The two pas­sions—fish­ing and cook­ing—be­gan merg­ing al­most out of ne­ces­sity. As Colic­chio’s em­pire grew in the wake of launch­ing Crafted Hos­pi­tal­ity in 2001, he had to spend more and more en­ergy on sourc­ing top-qual­ity in­gre­di­ents, in­clud­ing sus­tain­able fish. And be­ing a fish­er­man, he was par­tic­u­larly sen­si­tive to the sourc­ing.

To­day, he re­li­giously fol­lows the rec­om­men­da­tions of the Mon­terey Bay Aquar­ium’s Seafood Watch, the most trusted pro­gram avail­able for cer­ti­fy­ing sus­tain­able fish and those that are most threat­ened. (Over­fish­ing has caused the col­lapse of nearly 30 per­cent of the ocean’s fish stocks, and 60 per­cent of what’s re­main­ing is fished to ca­pac­ity, mean­ing even a slight change could cause the demise of a par­tic­u­lar species.) Still, as a fish­er­man, with a sur­plus of on-the-wa­ter anec­dotes and decades of first-per­son ex­pe­ri­ence, he has his own opin­ions on the health of fish stocks. Colic­chio also hosted his own short-lived Youtube show, called Hooked Up, which was ded­i­cated to get­ting on the wa­ter with other celebri­ties, like chef Ed­die Huang and for­mer NFL wide re­ceiver Plaxico Buress.

“It was a ton of fun,” Colic­chio says of the show, “mostly be­cause it was an ex­cuse to fish. How of­ten am I on the wa­ter? Not as of­ten as I’d like. That’s the clas­sic fish­er­man’s re­sponse.”

AF­TER SWITCH­ING FLY RODS for bait cast­ers, the ac­tion turns on quickly for Colic­chio and Hef­fer­nan. Be­tween New York’s Fish­ers Is­land and Rhode Is­land is a deep chan­nel that North­east fish­er­men of­ten re­fer to as the Sluice­way, be­cause it’s one of the first spots where the open waters of the At­lantic rush into and out of Long Is­land Sound. It’s re­mark­ably deep for how close it is to shore, 150 feet or more, and no sooner is Colic­chio drop­ping his line to the bot­tom with strips of squid at­tached to cir­cle hooks than he and Hef­fer­nan are reel­ing up black sea bass and small, spiny dog­fish sharks.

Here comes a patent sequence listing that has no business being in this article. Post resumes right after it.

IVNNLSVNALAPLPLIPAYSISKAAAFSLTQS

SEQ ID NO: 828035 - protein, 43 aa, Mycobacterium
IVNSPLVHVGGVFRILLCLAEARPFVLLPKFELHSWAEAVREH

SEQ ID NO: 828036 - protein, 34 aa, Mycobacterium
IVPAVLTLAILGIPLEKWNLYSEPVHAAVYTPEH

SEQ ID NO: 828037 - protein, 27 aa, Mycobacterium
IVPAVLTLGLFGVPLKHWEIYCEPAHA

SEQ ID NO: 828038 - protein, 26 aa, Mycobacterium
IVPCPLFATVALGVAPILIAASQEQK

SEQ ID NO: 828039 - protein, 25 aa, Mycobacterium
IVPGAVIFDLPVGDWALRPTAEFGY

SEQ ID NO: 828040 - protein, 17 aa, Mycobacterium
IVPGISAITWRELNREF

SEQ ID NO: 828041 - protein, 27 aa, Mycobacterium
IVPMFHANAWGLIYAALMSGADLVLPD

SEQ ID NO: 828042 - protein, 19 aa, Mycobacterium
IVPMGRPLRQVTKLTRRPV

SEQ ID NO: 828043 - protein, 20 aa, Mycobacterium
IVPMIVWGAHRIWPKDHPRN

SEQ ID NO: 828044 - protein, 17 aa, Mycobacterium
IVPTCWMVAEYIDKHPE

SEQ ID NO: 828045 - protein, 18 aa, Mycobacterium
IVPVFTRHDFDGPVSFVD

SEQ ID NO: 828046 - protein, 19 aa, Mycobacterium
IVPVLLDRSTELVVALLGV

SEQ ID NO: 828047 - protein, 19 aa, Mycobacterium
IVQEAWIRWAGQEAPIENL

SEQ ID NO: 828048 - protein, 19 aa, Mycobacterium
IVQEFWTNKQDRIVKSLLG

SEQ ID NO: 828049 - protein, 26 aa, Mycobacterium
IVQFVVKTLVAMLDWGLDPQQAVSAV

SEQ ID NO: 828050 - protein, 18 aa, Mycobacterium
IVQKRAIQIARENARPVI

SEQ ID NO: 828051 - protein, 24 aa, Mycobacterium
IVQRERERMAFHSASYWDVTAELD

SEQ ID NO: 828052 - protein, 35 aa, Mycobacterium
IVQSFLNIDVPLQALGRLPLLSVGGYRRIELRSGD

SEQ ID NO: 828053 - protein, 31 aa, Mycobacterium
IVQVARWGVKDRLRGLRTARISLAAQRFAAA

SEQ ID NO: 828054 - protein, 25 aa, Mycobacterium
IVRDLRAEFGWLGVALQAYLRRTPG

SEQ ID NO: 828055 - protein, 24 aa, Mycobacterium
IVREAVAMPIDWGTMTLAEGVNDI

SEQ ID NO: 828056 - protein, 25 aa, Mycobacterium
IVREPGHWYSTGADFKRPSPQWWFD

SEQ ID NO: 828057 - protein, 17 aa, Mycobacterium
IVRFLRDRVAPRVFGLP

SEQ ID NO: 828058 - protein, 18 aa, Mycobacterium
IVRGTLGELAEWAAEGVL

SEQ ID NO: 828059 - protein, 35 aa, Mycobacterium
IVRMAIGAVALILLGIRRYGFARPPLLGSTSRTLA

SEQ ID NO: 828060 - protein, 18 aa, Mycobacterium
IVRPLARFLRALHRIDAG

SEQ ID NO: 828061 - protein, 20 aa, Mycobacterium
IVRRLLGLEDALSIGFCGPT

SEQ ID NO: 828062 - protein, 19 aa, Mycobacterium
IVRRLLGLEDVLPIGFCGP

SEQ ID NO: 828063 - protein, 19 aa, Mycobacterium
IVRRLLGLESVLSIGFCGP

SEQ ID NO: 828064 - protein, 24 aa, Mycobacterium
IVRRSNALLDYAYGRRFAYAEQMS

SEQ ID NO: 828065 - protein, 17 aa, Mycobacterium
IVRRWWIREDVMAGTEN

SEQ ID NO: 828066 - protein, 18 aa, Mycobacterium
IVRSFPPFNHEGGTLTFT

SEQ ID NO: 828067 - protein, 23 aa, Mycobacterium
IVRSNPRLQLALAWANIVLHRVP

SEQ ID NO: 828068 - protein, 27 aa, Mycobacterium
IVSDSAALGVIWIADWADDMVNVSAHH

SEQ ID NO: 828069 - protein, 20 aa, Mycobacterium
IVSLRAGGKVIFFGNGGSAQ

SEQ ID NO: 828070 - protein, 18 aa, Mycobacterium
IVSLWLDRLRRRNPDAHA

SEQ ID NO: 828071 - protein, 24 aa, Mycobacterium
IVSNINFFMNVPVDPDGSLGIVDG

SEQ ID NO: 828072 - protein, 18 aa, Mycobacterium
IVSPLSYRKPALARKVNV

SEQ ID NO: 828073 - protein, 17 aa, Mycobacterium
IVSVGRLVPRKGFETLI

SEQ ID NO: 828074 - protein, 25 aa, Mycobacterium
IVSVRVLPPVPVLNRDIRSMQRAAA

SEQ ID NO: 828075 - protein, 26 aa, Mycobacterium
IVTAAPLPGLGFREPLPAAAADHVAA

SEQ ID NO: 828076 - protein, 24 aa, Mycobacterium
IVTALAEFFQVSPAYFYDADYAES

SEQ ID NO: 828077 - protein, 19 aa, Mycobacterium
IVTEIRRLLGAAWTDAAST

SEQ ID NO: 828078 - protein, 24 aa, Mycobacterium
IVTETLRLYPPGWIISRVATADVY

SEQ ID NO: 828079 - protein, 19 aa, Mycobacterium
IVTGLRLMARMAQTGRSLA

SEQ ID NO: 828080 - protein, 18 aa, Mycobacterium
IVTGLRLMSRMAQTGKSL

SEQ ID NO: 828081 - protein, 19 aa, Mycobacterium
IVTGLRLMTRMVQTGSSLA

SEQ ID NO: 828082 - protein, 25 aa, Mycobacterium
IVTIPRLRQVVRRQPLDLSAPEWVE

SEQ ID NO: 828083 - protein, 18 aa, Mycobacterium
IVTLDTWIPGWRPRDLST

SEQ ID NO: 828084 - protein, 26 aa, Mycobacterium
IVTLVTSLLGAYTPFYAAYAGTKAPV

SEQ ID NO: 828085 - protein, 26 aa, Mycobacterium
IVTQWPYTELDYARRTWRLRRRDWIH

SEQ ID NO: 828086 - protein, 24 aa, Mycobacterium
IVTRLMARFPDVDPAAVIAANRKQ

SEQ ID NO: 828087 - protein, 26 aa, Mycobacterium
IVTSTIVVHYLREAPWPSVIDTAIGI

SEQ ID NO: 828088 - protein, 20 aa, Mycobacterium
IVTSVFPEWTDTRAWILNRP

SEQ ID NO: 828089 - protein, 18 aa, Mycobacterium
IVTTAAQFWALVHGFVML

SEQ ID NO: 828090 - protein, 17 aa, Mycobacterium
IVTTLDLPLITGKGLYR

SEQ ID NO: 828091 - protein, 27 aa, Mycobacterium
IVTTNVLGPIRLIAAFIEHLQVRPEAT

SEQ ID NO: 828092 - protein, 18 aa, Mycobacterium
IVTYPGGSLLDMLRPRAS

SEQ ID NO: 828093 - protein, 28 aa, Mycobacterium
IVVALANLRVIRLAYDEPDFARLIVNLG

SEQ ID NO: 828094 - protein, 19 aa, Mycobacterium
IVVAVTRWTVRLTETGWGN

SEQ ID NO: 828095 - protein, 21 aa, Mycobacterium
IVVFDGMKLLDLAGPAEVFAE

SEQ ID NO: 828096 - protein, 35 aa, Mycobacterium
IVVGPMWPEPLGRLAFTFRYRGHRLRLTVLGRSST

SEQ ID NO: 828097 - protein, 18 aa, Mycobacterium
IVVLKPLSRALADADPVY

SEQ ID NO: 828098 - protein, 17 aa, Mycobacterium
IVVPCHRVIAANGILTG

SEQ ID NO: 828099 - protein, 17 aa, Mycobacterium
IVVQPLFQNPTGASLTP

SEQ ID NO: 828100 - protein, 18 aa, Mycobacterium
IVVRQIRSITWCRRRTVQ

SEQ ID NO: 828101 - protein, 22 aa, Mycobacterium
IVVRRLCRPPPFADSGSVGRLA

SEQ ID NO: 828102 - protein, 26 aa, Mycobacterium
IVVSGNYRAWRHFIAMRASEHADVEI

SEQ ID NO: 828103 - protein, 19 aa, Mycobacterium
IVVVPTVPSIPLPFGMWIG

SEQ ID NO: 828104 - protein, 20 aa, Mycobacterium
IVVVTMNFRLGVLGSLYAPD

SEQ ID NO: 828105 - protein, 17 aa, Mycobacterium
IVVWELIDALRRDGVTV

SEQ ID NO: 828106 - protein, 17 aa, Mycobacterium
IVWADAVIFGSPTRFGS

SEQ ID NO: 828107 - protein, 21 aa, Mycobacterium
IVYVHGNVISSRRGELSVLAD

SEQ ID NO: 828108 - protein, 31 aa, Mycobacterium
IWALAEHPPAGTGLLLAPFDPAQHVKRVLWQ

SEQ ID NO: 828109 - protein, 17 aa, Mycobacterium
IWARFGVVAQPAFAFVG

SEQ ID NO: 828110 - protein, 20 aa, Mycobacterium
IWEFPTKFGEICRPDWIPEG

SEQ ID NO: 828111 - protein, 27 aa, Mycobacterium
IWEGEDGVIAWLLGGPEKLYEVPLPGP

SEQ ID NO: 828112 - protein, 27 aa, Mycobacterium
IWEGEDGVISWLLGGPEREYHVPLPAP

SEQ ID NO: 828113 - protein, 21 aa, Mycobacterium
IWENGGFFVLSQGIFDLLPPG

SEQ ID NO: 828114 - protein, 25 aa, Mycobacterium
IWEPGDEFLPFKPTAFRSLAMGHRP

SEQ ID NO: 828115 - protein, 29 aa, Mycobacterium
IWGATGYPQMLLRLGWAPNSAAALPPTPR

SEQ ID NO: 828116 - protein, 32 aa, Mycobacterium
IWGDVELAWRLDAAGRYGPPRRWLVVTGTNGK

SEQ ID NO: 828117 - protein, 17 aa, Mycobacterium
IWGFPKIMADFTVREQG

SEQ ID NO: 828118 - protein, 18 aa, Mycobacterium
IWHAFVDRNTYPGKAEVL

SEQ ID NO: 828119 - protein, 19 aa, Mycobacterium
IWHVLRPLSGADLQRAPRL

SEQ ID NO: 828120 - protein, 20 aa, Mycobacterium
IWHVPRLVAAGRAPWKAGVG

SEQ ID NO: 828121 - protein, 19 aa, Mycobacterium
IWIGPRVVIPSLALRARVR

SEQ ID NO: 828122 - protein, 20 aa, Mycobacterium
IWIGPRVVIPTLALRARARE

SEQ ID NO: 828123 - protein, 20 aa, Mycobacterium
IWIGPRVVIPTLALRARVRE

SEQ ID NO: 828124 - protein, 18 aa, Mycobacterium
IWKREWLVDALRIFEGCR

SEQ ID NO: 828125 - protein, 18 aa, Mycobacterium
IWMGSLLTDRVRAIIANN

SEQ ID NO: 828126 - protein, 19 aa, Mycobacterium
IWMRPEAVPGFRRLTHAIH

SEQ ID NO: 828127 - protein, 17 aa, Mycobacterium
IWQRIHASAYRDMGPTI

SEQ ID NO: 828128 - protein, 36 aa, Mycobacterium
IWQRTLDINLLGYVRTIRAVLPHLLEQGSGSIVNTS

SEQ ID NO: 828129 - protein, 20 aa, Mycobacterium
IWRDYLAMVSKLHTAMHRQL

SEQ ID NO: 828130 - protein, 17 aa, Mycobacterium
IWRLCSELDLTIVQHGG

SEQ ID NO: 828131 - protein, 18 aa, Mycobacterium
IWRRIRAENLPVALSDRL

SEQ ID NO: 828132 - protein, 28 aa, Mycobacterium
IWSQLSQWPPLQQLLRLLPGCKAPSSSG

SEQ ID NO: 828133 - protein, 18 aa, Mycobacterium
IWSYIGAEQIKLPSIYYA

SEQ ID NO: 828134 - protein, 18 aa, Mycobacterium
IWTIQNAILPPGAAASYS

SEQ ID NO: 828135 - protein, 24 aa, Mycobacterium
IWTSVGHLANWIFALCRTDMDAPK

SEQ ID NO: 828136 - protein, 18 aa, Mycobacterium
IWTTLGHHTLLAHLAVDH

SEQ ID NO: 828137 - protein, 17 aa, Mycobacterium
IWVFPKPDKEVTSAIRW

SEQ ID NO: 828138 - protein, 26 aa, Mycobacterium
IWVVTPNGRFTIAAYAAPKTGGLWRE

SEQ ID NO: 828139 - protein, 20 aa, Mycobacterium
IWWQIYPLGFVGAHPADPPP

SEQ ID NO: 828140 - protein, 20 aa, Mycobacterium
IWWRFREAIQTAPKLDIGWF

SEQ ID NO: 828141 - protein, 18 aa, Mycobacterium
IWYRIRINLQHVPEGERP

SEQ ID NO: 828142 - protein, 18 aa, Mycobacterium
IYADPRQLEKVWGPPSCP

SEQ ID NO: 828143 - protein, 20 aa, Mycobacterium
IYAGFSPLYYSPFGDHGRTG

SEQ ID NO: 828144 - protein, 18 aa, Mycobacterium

“Fish on!” says Hef­fer­nan.

“Fi­nally,” says Colic­chio.

When they get a sea bass in the boat, they quickly break out a mea­sur­ing stick to make sure it meets the size limit be­fore toss­ing it in a live well. As more fish are reeled in, the mood light­ens, and the two start chat­ting about pol­i­tics, spurred on by the sight of a se­ries of U.S. f lags along the coast at half-staff, in trib­ute to Sen­a­tor John Mc­cain, two days af­ter his death.

“They couldn’t even get that right,” says Colic­chio, re­fer­ring to the con­tro­versy sur­round­ing the White House’s de­ci­sion to buck tra­di­tion and fully raise its f lag af­ter only one day. “The guy’s a war hero.”

In ad­di­tion to the judg­ing on Top Chef, Colic­chio has earned a rep­u­ta­tion on Twit­ter for his stri­dent po­lit­i­cal views. Less than a week be­fore our fish­ing trip, he woke up to the words “Cuomo=death to Amer­ica” (re­fer­ring to New York gover­nor An­drew Cuomo), “Go Home,” and his wife’s name along with a de­faced Star of David spray-painted in red across his lawn and side­walk.

“When the cops came, they were like, ‘This is some­one you know,’ ” he says. “But it wasn’t. It was ran­dom, maybe some guy who saw my feed and de­cided to in­tim­i­date me.” I ask him if it did. “Nah, no way,” he says. “That’s what they want. What’s fucked up is they went af­ter my wife.”

Colic­chio cred­its his wife, film­maker Lori Sil­ver­bush, for his po­lit­i­cal awak­en­ing. The two met while she was a wait­ress at Gramercy Tav­ern when he was run­ning it with restau­ra­teur Danny Meyer, of Shake Shack fame. The two mar­ried in 2001, the year he opened his flag­ship restau­rant, Craft, and in 2007, Sil­ver­bush started men­tor­ing a teenage girl she met through a New York City char­ity. (The